With a need for scoring off the bench and several pending free agents, LSU’s Cameron Thomas could be an answer to the Knicks’ scoring woes.

If anything has become apparent over their playoff run, it’s that the New York Knicks are still in desperate need of guards. Once Derrick Rose was inserted into the starting lineup, no one could bring that spark off the bench that the team needed.

There was no one to facilitate off the bench outside of Alec Burks, a pending free agent. So, a player of his talent could disappear from the roster. While Immanuel Quickley excelled at drawing fouls and shooting long threes, he grew cold in the playoffs and struggled beyond the arc. Outside of them, the Knicks could be left scratching their heads when it comes to another option.

A great solution to this could be LSU’s Cameron Thomas. A prolific three-point shooter and overall offensive weapon, Thomas averaged 23.0 points across 29 games, good for fourth in the NCAA, on 40.6% field-goal shooting. He is projected to fall just outside the lottery and is perhaps someone the Knicks could nab with the 19th or 21st pick this summer.

The 19-year-old freshman is an elite shooter who can make shots from anywhere on the court. Outside of his “anywhere in the gym” three-point range, he can also be incredibly aggressive driving to the rim. His full offensive repertoire was on display from game one, scoring 27 in his collegiate debut against SIU-Edwardsville.

Thomas thrives in the midrange and has the ability to get above defenders with his floater. At 6-foot-4 and 210 pounds, he has the size to bully defenders in the lane. He also excels at drawing contact, averaging over seven free throws a game. He knocked down over 88% of those throughout the year and led the nation with 194 made free throws.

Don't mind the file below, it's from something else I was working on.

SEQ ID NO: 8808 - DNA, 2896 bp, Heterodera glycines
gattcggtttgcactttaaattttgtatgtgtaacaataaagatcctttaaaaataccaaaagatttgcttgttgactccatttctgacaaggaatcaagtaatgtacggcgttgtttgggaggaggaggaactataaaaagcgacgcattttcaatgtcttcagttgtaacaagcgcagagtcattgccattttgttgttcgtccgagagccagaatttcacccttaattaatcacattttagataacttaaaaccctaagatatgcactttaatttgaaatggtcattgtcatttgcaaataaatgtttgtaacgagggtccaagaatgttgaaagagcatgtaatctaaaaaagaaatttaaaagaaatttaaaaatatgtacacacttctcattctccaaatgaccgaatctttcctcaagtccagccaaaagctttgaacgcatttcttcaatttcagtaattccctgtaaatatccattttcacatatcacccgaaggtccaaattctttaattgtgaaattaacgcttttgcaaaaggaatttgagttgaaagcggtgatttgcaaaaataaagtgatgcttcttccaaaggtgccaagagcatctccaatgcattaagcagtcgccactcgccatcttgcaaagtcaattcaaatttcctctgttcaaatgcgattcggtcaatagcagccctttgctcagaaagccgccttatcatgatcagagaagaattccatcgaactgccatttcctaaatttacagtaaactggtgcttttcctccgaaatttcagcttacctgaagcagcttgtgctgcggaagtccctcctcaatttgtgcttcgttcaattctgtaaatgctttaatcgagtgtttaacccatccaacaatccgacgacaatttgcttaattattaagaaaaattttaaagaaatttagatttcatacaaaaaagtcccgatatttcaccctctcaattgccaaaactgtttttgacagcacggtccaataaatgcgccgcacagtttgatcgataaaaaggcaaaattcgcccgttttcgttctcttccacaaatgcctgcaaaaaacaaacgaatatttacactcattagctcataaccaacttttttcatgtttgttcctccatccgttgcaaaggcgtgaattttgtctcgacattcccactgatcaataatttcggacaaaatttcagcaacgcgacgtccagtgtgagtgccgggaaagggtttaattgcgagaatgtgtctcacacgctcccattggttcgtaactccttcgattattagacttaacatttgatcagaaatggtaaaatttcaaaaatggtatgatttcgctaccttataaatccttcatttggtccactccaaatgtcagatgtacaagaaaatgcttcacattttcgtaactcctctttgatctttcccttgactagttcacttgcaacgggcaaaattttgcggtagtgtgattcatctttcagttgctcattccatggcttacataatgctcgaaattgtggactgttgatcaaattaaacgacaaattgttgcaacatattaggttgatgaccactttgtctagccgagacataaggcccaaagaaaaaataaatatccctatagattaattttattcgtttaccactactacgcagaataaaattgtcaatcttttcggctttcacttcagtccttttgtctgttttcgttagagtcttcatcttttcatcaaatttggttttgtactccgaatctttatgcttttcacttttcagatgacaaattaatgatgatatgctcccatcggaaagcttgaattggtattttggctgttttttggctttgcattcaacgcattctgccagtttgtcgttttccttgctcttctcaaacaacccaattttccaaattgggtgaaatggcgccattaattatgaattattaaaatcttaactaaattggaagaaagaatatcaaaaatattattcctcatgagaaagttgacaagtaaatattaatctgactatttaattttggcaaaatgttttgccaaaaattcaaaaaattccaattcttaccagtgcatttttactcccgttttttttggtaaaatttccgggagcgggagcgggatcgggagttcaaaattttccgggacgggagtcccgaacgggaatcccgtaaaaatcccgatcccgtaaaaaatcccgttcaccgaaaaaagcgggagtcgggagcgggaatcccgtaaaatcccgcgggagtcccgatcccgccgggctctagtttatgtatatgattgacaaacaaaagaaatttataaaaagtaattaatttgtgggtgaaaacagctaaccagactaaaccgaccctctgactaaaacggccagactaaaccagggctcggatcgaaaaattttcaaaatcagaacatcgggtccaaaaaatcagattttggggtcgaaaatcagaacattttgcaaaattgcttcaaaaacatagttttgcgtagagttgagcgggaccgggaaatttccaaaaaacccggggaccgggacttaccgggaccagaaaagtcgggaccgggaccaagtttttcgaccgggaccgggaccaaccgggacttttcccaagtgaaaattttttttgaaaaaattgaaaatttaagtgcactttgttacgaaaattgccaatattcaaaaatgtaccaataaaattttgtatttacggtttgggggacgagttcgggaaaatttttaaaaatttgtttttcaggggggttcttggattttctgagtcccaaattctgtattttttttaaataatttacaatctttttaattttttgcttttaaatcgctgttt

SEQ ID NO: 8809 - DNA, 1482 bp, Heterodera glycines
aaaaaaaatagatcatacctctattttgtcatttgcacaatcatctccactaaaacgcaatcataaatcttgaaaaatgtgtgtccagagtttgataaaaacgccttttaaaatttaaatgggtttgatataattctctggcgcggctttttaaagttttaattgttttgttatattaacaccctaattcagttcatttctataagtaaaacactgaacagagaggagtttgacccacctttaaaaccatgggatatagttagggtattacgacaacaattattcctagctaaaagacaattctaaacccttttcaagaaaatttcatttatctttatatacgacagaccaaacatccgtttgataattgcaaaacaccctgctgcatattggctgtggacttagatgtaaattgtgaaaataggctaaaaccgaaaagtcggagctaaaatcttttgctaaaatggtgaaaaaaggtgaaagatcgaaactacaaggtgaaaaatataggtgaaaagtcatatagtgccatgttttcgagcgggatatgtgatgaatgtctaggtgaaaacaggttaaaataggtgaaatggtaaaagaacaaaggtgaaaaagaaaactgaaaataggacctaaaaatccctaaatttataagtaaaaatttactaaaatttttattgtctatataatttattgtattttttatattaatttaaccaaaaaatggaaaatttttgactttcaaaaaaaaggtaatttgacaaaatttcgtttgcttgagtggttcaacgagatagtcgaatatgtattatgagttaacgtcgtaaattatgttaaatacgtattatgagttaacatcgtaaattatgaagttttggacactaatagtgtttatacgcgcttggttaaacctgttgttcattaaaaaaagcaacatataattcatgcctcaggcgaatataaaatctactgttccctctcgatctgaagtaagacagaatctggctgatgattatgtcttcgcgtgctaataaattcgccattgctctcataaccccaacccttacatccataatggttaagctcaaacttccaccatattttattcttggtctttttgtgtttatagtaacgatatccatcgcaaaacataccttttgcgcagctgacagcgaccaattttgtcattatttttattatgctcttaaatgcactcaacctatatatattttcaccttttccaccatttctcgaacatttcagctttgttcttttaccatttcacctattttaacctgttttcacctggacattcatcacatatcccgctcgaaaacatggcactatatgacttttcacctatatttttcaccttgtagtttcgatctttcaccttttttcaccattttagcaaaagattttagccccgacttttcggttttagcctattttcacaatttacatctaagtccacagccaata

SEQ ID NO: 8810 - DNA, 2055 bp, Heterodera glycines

While Thomas’ three-point shooting has been his most touted skill, he can be slightly inconsistent with the shot. Even though he averaged over seven three-pointers per game, he only found the bottom of the net on 32.5% of them. When Thomas is hot with it, he can go on an absolute tear from behind the arc. In the seven games played in March (including three in the SEC Tournament and two NCAA Tournament games), he shot 42.2% from the three-point range. In nine games in January, in contrast, he only shot 21.4% on those shots.

As explosive as Thomas can be with the ball in his hands, his biggest weakness is his defense. As defense is what head coach Tom Thibodeau hangs his hat on, this may deter the Knicks from selecting him. However, he does have the length to be effective as a perimeter defender. It’s something he would have to work into his game with time and is far from NBA-ready.

Also, Thomas can be one-dimensional as an offensive player. While he is great with the ball in his hands at shooting and driving to the basket, he struggles when unable to get his looks. He lacks vision as a passer, only averaging 1.4 assists per game at LSU. This doesn’t necessarily mean he turns the ball over much, as he committed less than two turnovers per game. It just often translates to throwing up wild shots on possessions where there may be better scoring opportunities.

Regardless of these weaknesses to his game, Thomas went on to be named to the All-SEC First Team and led the conference in points per game. This propelled the Tigers to an eighth seed in the NCAA Tournament. 

Even though they lost to one-seed Michigan in the second round of the Big Dance, Thomas showed confidence playing under the bright lights. He averaged 28.5 points per game across two tournament games on 41.2% shooting. His three-pointer remained elite in those games, making five of 12 shots across both contests.

In that biggest game of the season against Michigan, Thomas used his size to shoot over defenders in the midrange. He’s able to use his large build to back down defenders and create space for himself to make those shots. He scored 30 points in that contest, his second-most of the season. Even though the Tigers lost that game to end their run, Thomas left the best impression on scouts in his final collegiate contest.

Whichever way the Knicks decide to go in the draft, their weaknesses were certainly exploited by the Hawks in their first playoff appearance in eight years. They are in high demand of shooters and facilitators with the ball in their hands, and Thomas just might be the guy to fit that billing. 

He’s got great size for a guard, an efficient shooting stroke from behind the arc, and the ability to drive the ball to the basket when his shot isn’t available. Even though defense isn’t his strong suit, it’s something the Knicks could help him improve upon working within one of the league’s top defensive squads.


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